North Korea confirms missile tests as Biden warns of response

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Pyongyang is pushing to bolster the country’s military power.

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Source: PA Images

THE NORTH KOREAN government confirmed it has tested a new guided missile, as US president Joe Biden warned of consequences if Pyongyang escalates tensions amid stalled nuclear negotiations.

The North’s official Korean Central News Agency said the two “new-type tactical guided projectiles” accurately hit the target off the eastern coast on Thursday.

Photos on the website of the North’s main Rodong Sinmun newspaper showed a missile lifting off from a transport erector launcher amid bright flames.

KCNA quoted top official Ri Pyong Chol, who supervised the test, as saying that the new weapon’s development “is of great significance in bolstering up the military power of the country and deterring all sorts of military threats existing on the Korean Peninsula”.

Japanese officials said both weapons tested on Thursday were ballistic missiles, which are prohibited by UN Security Council resolutions.

According to South Korean officials, North Korea fired two other missiles on Sunday but they were likely cruise missiles, which are not banned.

The test-firings were the North’s first major provocation since Biden took office in January.

Some experts say North Korea aims to apply pressure on the Biden administration to boost its leverage in future talks.

“We’re consulting with our allies and partners,” Biden told a news conference on Thursday.

“And there will be responses if they choose to escalate. We will respond accordingly. But I’m also prepared for some form of diplomacy, but it has to be conditioned upon the end result of denuclearisation.”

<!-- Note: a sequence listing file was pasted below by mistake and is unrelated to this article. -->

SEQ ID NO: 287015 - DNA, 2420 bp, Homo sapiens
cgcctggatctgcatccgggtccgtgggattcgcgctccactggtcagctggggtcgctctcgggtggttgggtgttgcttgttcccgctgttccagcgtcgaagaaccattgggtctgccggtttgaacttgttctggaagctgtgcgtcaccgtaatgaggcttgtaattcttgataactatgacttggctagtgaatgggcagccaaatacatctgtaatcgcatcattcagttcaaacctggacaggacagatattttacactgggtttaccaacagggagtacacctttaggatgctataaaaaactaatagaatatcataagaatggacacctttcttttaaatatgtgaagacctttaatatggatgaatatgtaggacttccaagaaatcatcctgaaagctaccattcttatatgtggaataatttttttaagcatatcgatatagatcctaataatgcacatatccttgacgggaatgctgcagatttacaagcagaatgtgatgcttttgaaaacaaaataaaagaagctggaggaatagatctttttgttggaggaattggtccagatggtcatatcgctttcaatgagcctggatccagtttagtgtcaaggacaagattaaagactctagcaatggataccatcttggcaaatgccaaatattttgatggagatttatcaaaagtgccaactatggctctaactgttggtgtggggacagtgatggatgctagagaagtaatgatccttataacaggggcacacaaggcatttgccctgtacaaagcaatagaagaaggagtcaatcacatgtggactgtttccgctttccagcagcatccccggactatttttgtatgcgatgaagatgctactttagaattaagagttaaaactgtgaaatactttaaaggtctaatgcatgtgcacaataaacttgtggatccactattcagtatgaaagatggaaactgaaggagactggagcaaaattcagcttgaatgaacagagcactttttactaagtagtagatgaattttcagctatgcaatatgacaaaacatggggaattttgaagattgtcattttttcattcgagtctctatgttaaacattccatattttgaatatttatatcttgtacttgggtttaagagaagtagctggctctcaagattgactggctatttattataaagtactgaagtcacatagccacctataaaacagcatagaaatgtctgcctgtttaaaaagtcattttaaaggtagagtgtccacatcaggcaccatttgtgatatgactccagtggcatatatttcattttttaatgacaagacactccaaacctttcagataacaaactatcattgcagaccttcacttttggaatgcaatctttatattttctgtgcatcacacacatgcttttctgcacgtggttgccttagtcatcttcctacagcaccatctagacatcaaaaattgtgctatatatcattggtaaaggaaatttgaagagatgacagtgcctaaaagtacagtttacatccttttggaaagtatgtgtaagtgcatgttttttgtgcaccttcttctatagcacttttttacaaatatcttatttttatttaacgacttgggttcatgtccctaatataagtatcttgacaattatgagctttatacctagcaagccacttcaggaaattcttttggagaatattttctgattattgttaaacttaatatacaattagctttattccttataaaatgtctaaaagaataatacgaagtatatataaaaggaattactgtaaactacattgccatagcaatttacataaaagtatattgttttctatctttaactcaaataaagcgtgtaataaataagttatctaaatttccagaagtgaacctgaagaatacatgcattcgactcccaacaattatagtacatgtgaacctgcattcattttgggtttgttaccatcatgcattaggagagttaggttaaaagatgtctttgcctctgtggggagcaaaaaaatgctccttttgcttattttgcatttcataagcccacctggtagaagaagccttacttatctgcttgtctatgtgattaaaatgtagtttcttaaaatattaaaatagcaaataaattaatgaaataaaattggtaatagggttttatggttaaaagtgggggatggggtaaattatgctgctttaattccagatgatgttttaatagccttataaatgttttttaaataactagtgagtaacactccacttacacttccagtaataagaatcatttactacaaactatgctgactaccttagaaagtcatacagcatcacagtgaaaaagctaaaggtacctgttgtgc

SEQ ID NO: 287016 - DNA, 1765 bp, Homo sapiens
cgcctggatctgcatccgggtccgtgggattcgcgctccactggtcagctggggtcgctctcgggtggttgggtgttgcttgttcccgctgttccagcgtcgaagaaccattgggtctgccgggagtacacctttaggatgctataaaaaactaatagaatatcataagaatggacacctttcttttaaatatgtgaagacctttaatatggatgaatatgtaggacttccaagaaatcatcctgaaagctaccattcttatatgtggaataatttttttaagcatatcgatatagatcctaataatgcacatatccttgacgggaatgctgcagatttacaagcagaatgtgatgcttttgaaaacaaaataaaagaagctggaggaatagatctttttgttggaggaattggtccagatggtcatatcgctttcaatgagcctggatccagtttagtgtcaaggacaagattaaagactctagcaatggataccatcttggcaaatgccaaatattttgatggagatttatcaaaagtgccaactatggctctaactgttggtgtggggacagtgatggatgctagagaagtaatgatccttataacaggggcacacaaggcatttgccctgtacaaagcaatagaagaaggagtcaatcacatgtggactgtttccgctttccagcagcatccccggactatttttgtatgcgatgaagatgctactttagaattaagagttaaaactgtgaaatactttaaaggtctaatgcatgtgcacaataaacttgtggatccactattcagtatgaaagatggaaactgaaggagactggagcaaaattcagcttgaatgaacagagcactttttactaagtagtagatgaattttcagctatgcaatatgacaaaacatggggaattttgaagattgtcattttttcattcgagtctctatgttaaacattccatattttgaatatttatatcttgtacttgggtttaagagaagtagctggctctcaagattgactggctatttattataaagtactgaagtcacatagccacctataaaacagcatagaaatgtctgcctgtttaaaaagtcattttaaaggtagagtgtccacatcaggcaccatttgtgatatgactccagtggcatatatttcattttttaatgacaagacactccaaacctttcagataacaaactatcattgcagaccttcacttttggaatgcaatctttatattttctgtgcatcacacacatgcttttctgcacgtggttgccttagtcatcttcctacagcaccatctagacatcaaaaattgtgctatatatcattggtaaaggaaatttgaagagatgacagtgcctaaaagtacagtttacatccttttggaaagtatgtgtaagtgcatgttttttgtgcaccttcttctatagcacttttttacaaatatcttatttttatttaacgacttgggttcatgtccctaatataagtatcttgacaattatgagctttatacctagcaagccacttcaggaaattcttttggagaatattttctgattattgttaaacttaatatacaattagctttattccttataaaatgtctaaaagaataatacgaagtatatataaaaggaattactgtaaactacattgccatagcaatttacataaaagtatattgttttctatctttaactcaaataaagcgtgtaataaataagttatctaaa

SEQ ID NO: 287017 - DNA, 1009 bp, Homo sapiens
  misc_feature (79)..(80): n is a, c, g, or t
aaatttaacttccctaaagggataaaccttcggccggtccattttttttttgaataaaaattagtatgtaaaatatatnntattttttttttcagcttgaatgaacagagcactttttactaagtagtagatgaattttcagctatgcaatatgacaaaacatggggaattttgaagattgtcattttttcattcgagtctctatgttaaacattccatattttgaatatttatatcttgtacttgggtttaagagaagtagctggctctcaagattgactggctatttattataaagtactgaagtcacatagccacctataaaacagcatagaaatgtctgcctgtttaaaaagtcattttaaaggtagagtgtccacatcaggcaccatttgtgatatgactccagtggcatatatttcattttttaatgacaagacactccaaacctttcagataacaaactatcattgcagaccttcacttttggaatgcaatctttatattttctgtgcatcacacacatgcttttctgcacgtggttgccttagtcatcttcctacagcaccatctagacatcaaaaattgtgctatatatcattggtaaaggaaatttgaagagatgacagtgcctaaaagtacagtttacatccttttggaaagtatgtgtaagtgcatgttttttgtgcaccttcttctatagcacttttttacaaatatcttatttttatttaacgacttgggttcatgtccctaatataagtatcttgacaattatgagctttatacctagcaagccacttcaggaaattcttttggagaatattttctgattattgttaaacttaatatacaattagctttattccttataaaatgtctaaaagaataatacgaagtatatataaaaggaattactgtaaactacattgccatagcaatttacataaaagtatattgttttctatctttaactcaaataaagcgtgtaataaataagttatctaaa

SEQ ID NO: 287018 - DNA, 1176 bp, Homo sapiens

The United States has asked for a meeting of the UN Security Council committee that monitors sanctions against North Korea, and it is set to take place on Friday morning behind closed doors.

The committee includes representatives from all 15 nations on the council.

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The North Korean government said is is testing newly developed tactical guided projectiles.

South Korean president Moon Jae-in, who is pursuing better ties with North Korea, issued a rare criticism of Pyongyang today over the launches.

“I know very well our people have big worries about North Korea’s missile launches yesterday,” Moon said during a military ceremony.

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“Now is the time for South and North Korea and the United States to make efforts to (resume) talks. An act that hampers the dialogue mood is not desirable at all.”

US-North Korean talks on curbing the North’s nuclear ambitions have been in a limbo for about two years due to disputes over US-led sanctions on the North.

In January, North Korean leader Kim Jong Un said he would expand his weapons arsenal and build up his country’s military capability to cope with what he called American hostility.

KCNA said the new weapon’s warhead weight has been improved to 2.5 tonnes (5,510lbs). It said Thursday’s test also confirmed the reliability of the improved version of the weapon’s solid fuel engine, which would boost missile mobility, and of its low-altitude, manoeuvrable flight.

South Korean observers said the weapon is likely to be an upgraded North Korean version of the Russian-made Iskander, a short-range nuclear-capable missile designed to fly at a low altitude and make in-flight guidance adjustments.

They said it has a better chance of evading missile defence systems in South Korea.

Japanese defence minister Nobuo Kishi said the North Korean weapon is a new type of ballistic missile that was shown during a military parade in Pyongyang in January.

Kishi said Japan would strengthen its missile defence system to “ensure peace and safety”.

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